18 March 2019, Juba – The World Health Organization and partners conducted a joint inter-cluster needs assessment mission in Dulamaya, Rokon town, South Sudan to address the health needs of over 5000 internally displaced people.
To address these needs, the World Health Organization delivered a range of lifesaving kits to Dulamaya. The kits are part of the inter-cluster response to an estimated population of 5000 inhabitants displaced from Minga payam in Mundri East County, Amadi Sate. The much-needed drugs were delivered with funding from the South Sudan Humanitarian Fund (SSHF). Additionally, HealthLink South Sudan a national NGO provided 250 long lasting insecticides treated nets (LLITNs) to the most vulnerable members of the IDPs especially children under five, pregnant women and lactating mothers.
The lifesaving health kits that WHO provided are part of the joint inter cluster response to an estimated 800 households, says Dr Olushayo Olu, WHO Country Representative for South Sudan; noting that the delivery of the much-needed medical supplies saves the lives of people in critical humanitarian settings.
Following reports presented to UNOCHA of fresh displacements of over 5000 people arising from fierce fighting in Minga payam of Amadi State, a multi-cluster team of 41 members from different organizations and UN agencies representing various clusters including WHO, OCHA, Healthlink South Sudan, UNHCR, ART, MacDA, PAH, and RRC conducted a three days mission to access the situation. The mission was aimed at obtaining an overview of the health situation of the IDPs by identifying the immediate health needs and gaps to inform the scale of the emergency response.
In terms of health, the mission findings revealed that there is limited access to health care services with the nearest functional health facility located 18 miles away from the IDP site. The IDPs reported that there is a high prevalence of communicable diseases such as malaria, respiratory tract infections, diarrhea (both watery and bloody diarrhea), especially among children and adults. Eye infections, nodding syndrome/epilepsy, and skin diseases/infections are also common. One of the IDP revealed that he was living with HIV; additionally, a young girl of 17 years died after a snake bite.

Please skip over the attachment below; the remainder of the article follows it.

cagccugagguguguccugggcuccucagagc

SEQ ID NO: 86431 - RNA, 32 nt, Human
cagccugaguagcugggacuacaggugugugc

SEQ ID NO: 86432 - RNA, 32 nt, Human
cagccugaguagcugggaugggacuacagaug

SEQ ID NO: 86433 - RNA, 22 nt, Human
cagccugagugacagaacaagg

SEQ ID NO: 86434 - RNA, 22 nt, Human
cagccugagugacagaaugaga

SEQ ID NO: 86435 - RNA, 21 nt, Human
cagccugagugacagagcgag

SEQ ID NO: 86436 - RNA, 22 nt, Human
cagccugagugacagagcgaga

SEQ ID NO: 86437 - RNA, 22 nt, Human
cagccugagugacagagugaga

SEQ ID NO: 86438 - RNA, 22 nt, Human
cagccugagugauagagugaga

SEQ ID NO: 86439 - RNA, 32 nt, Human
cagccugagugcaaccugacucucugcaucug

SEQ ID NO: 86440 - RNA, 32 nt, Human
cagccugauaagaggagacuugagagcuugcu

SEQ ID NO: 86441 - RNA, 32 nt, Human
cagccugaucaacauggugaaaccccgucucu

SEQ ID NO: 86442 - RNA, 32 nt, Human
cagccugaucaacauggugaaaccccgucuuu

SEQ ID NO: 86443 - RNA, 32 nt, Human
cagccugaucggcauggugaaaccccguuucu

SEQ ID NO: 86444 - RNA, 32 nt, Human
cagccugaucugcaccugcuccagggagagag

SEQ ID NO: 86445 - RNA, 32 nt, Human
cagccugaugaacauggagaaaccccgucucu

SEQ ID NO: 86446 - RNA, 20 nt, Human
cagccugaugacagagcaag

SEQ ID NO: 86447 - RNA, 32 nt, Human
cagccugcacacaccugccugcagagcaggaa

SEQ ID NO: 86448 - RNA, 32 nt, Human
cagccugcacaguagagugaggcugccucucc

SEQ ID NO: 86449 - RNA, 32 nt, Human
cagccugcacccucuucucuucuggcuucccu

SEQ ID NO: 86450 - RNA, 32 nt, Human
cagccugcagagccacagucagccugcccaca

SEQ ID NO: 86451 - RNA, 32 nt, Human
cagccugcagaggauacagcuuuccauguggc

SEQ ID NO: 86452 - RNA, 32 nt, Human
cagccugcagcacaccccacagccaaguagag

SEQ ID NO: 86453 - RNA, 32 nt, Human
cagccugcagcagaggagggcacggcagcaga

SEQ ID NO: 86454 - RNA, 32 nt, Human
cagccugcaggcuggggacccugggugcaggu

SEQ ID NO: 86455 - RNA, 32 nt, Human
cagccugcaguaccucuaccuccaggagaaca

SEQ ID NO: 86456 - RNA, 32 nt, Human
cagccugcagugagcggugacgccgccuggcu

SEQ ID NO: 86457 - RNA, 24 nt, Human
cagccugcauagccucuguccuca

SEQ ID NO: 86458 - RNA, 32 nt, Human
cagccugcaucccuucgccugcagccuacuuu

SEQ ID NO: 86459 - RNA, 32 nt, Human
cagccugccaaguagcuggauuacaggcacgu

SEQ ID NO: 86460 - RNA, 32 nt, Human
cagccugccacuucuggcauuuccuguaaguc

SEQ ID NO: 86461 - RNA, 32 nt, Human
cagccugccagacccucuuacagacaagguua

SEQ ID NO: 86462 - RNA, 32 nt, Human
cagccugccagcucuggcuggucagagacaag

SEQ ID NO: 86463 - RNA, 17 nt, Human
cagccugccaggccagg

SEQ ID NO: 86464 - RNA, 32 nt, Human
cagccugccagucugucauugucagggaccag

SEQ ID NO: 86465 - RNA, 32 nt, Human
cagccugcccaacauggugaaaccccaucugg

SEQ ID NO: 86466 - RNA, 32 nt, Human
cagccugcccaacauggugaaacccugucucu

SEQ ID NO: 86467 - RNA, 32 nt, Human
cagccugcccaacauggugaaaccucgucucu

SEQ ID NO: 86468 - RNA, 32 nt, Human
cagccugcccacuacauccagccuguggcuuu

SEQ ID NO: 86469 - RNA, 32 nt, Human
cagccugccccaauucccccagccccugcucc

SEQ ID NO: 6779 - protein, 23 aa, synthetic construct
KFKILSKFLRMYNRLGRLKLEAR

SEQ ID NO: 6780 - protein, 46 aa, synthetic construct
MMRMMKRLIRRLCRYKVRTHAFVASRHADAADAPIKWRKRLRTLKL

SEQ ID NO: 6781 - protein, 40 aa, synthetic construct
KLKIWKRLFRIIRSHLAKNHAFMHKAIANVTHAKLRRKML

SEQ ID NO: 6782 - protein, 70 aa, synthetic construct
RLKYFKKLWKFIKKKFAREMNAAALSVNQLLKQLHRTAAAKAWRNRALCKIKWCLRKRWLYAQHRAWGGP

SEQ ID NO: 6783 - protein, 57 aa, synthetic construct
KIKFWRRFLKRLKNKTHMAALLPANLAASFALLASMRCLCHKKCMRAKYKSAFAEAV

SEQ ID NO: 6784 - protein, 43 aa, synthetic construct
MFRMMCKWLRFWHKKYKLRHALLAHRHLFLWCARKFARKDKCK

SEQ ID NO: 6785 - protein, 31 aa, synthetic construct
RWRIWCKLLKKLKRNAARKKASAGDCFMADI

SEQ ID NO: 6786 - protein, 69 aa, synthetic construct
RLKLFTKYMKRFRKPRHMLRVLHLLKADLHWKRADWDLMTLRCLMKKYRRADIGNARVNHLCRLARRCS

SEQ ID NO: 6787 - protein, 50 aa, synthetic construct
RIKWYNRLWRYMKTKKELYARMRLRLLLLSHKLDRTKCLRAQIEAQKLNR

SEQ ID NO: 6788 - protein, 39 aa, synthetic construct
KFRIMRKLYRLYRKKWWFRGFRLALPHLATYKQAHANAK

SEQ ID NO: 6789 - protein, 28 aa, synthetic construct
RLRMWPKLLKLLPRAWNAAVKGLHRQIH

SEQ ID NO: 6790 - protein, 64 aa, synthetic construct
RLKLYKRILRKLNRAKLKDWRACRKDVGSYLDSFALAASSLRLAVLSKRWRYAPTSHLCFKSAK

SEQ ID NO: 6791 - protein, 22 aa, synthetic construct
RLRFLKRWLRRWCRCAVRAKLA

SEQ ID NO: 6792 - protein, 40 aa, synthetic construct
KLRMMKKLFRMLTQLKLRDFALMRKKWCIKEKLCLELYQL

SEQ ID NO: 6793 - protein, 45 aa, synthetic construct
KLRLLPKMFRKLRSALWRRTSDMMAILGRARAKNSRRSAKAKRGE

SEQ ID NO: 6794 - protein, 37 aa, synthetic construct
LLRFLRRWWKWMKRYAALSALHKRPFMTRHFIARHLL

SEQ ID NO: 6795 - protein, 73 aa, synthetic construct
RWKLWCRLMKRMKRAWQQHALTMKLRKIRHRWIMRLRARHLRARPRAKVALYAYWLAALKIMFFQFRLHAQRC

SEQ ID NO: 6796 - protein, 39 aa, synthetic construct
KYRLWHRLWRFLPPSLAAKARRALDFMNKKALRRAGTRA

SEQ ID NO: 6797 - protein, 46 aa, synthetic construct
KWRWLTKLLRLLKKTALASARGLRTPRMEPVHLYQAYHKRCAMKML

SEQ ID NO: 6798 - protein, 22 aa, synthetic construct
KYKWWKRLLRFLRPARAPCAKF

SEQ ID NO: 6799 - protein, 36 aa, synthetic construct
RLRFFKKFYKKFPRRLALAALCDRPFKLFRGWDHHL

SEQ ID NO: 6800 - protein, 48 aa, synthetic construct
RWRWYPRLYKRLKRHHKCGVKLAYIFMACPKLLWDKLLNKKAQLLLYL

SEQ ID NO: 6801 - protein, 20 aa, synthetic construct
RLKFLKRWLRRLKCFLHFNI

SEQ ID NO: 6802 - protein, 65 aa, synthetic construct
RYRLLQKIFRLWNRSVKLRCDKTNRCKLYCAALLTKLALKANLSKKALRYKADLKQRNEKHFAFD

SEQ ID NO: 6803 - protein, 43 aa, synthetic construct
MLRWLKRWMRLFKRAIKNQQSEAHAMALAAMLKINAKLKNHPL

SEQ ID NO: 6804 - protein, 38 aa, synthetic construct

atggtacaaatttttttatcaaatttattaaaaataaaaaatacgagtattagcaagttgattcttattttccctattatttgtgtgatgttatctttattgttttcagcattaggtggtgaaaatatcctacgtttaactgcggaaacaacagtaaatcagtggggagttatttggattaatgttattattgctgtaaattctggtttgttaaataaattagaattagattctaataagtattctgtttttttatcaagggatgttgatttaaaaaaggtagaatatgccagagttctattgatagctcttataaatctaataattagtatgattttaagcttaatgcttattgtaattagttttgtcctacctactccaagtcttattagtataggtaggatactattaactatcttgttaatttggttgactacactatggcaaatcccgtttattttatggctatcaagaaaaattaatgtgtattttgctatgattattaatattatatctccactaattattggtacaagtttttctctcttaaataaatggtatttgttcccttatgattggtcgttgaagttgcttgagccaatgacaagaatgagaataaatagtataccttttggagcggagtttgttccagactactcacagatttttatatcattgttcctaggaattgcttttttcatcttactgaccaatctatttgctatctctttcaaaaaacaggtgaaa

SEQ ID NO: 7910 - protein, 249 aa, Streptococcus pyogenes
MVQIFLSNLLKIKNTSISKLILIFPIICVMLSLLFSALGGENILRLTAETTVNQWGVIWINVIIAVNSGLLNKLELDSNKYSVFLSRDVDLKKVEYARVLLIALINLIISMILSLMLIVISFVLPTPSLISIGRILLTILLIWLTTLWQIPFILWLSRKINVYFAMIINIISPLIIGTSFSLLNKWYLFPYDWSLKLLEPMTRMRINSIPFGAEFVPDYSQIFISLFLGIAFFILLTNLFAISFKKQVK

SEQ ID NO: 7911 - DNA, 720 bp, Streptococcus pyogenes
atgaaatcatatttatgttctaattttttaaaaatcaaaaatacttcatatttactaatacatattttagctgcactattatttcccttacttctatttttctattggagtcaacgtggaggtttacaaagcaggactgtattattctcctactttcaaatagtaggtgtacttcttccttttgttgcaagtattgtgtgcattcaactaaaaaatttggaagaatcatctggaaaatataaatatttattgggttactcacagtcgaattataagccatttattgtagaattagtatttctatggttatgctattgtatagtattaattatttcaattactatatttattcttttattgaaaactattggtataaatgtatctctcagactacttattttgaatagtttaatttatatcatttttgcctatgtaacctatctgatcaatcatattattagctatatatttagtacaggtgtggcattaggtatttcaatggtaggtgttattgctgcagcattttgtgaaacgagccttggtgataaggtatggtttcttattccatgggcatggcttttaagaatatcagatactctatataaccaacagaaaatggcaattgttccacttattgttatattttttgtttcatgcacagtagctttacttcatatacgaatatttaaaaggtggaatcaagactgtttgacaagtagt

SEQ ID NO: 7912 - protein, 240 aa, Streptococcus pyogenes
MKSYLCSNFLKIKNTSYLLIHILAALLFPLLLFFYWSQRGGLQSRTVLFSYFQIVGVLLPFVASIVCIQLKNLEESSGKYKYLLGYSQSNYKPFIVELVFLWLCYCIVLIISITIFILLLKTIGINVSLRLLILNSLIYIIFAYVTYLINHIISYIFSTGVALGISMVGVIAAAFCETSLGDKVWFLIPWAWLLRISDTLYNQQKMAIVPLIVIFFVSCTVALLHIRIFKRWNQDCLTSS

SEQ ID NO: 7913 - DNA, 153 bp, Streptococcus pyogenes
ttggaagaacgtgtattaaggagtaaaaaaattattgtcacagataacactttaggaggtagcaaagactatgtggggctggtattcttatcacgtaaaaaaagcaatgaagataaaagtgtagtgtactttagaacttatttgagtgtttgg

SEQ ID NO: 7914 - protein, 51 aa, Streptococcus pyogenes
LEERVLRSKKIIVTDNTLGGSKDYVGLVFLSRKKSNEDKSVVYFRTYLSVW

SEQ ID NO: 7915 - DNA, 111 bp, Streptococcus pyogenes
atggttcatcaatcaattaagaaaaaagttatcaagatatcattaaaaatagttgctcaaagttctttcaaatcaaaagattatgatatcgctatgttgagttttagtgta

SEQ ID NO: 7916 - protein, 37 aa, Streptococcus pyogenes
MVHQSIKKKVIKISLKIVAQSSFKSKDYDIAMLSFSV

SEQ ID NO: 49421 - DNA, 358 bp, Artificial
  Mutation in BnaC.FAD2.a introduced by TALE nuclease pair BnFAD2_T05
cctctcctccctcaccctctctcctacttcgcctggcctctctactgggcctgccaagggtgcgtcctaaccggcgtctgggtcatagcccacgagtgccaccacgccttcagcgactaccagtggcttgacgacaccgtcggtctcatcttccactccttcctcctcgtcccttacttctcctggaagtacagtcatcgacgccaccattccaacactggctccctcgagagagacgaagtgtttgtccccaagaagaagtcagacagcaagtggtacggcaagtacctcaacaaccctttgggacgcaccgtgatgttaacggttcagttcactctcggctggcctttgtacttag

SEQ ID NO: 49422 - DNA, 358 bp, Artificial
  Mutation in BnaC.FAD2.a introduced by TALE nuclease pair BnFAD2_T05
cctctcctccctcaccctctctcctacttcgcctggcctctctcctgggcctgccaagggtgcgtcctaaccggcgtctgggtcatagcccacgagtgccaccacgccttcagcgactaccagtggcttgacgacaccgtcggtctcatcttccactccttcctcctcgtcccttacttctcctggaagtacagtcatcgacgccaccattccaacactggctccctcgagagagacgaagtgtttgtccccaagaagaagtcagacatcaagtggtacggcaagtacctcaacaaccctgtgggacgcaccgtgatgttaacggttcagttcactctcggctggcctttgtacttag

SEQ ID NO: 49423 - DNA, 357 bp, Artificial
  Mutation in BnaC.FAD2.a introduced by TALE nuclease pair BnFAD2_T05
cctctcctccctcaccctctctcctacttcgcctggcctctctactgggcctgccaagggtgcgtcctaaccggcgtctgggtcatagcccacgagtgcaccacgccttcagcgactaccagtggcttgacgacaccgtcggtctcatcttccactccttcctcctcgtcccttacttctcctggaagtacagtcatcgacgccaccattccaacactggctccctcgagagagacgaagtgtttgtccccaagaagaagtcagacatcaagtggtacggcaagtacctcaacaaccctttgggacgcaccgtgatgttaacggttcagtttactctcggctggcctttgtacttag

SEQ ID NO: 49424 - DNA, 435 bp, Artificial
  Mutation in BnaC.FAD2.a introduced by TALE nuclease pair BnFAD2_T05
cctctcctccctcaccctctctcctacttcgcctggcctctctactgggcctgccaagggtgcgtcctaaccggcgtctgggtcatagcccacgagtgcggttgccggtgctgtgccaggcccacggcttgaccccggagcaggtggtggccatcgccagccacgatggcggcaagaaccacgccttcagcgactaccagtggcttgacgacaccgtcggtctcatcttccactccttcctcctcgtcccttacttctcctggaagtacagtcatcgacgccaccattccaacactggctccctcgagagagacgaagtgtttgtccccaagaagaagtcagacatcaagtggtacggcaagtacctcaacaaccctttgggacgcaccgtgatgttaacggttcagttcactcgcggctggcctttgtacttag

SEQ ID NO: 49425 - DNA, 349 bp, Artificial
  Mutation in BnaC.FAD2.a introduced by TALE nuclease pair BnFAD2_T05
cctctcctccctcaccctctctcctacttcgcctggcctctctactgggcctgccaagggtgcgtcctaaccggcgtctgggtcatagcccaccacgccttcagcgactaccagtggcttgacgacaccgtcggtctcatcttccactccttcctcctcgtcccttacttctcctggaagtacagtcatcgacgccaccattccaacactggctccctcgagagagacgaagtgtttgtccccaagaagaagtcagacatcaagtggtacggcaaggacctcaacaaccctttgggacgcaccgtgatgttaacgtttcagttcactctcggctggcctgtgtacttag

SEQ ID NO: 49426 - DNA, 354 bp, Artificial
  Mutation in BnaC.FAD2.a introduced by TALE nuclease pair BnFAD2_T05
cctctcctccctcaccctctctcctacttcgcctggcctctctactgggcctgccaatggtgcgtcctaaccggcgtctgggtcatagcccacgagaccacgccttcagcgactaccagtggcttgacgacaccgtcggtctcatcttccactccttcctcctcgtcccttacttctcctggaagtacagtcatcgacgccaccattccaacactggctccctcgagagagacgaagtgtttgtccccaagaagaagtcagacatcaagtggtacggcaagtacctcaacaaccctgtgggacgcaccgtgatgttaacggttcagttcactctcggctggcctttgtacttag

In the absence of basic medical services, there is a high dependence on herbal medicine for treating malaria, eye infections, diarrhea/worm infections, general body pains and fever. However, the population continue to have trust in health services as clearly reported by some of the IDPs interviewed: “herbs are not so effective like the medications that are obtained from the hospitals/health facilities.”
As a follow up, the Health cluster through the cluster partner HealthLink South Sudan committed to conduct integrated medical mobile services among the IDPs including Immunization services.
Email: louisju [at] who.int
Medical Mobile Team/WHE
Email: odraw [at] who.int
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Email: wamalaj [at] who.int
Communication Officer (Health Promotion/Risk Communication focal person)
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Email: luwagal [at] who.int